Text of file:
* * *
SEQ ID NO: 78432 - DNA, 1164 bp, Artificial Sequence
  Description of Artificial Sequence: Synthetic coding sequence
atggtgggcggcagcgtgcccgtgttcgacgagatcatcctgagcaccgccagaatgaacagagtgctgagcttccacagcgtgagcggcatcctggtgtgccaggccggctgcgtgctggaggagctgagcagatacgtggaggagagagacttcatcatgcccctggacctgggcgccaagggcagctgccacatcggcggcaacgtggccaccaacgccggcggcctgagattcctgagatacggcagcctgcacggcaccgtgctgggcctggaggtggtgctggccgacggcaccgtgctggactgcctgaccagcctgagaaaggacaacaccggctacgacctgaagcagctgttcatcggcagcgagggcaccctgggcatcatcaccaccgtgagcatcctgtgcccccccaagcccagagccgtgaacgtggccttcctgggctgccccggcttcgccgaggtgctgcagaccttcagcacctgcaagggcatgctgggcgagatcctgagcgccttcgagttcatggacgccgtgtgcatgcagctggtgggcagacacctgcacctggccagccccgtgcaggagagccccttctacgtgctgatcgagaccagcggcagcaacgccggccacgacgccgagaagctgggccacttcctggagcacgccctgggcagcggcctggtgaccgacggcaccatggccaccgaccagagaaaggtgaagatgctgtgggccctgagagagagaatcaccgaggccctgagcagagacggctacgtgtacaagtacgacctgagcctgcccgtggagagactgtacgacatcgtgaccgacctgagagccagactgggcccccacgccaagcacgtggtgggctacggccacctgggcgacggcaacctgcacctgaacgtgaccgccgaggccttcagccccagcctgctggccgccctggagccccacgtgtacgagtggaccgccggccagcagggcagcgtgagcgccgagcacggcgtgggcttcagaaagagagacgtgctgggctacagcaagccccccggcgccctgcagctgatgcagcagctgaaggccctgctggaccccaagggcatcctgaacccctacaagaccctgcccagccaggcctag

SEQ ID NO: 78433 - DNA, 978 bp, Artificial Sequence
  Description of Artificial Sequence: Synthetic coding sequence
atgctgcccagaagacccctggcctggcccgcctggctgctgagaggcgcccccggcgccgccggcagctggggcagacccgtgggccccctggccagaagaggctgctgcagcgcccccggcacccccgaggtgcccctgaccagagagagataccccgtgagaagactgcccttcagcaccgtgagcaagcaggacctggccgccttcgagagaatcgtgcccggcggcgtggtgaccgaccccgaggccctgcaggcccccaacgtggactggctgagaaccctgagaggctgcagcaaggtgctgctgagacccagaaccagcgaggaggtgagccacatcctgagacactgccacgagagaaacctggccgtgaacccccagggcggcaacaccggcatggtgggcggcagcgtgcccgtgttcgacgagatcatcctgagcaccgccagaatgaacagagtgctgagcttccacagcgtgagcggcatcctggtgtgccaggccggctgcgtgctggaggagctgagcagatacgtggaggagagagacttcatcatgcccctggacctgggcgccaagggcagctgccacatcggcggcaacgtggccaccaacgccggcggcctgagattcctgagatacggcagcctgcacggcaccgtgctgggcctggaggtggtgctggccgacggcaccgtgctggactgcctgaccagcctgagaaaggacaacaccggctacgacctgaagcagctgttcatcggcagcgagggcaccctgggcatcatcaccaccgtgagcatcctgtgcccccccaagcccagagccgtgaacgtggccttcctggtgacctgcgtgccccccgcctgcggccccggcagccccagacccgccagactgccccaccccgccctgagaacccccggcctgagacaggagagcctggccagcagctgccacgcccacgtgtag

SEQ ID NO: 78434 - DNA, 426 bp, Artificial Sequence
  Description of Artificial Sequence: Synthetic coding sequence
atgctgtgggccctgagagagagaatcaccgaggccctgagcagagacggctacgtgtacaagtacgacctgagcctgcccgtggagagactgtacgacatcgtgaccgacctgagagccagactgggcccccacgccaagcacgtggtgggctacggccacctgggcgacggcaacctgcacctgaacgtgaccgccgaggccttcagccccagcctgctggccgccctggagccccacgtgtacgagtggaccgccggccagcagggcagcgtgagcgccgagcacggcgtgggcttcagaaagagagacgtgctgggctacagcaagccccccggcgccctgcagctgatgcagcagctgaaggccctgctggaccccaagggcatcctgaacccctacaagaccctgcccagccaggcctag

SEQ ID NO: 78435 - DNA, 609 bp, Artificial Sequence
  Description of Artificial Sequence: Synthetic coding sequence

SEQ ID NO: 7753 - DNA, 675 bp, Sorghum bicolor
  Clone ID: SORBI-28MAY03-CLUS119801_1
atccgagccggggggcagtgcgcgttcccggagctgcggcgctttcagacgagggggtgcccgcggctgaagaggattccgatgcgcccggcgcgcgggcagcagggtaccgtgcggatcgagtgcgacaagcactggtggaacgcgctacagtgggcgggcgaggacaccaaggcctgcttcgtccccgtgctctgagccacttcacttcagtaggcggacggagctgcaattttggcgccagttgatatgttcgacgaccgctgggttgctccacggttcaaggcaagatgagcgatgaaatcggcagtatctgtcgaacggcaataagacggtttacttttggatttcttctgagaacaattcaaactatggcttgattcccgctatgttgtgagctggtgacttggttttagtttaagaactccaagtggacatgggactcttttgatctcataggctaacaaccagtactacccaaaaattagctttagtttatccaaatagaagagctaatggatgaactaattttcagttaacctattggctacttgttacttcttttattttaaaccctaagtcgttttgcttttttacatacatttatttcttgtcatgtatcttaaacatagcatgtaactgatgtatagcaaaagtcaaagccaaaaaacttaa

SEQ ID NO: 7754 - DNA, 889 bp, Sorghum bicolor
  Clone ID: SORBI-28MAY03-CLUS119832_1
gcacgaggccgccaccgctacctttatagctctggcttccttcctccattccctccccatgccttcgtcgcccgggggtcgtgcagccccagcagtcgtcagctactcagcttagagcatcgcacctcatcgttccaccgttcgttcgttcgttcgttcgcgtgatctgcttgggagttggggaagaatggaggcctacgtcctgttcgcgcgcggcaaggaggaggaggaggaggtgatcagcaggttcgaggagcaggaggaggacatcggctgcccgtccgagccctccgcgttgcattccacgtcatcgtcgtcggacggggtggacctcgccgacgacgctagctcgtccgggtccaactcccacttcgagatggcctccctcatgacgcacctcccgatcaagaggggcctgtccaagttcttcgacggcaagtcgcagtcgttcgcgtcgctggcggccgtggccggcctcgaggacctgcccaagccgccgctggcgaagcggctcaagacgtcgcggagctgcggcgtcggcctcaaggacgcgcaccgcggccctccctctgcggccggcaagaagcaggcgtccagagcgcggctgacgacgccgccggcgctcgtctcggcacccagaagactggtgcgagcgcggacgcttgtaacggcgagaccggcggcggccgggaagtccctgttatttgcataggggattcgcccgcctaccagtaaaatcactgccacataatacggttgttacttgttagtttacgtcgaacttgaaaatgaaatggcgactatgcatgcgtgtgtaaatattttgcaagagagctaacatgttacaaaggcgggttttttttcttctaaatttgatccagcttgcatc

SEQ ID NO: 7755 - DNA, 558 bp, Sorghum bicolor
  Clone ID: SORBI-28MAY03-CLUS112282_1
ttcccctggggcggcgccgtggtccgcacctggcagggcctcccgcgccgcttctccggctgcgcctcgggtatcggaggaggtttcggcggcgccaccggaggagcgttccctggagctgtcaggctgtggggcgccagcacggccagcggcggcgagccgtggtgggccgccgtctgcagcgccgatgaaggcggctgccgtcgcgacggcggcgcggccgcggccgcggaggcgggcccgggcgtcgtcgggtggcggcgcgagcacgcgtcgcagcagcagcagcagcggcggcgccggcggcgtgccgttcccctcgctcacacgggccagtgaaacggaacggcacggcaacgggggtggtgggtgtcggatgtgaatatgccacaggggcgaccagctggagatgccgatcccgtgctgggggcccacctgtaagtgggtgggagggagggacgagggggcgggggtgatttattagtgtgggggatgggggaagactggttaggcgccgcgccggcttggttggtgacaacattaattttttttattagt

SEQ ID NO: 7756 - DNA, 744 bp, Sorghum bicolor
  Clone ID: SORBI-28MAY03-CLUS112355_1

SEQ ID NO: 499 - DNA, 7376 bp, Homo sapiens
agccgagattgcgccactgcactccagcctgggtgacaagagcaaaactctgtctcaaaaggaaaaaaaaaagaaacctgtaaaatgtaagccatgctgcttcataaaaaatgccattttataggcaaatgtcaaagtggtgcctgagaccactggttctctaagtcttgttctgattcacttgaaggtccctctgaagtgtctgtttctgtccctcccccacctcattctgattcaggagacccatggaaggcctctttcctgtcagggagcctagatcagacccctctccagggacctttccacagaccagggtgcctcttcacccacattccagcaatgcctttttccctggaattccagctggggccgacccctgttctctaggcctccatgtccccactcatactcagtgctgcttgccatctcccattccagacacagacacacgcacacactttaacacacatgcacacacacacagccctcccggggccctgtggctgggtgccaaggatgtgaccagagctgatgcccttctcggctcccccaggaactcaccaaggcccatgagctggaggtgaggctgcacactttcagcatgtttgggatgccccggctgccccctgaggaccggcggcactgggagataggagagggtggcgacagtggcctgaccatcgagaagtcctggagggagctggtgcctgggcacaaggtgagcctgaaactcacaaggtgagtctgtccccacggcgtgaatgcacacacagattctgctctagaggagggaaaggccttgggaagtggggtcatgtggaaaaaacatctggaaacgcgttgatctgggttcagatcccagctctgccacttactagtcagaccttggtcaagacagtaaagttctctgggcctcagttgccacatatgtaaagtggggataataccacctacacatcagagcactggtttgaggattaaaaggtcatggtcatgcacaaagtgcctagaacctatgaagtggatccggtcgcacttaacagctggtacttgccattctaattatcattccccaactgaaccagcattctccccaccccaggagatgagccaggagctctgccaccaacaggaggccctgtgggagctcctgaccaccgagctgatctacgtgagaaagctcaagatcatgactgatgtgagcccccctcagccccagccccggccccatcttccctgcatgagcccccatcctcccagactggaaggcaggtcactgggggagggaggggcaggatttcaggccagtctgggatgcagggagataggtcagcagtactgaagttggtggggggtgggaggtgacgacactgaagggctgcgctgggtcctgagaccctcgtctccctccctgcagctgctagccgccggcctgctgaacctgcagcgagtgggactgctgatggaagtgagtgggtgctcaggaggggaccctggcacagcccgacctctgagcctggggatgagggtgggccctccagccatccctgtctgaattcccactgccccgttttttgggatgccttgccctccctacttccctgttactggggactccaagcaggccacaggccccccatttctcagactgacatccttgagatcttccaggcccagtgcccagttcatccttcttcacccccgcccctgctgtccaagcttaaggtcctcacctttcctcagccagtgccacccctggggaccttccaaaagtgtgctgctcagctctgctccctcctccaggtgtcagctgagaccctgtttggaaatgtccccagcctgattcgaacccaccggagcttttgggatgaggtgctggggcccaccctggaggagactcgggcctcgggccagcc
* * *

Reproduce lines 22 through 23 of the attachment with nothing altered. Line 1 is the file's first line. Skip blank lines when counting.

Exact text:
  Clone ID: SORBI-28MAY03-CLUS112355_1

SEQ ID NO: 499 - DNA, 7376 bp, Homo sapiens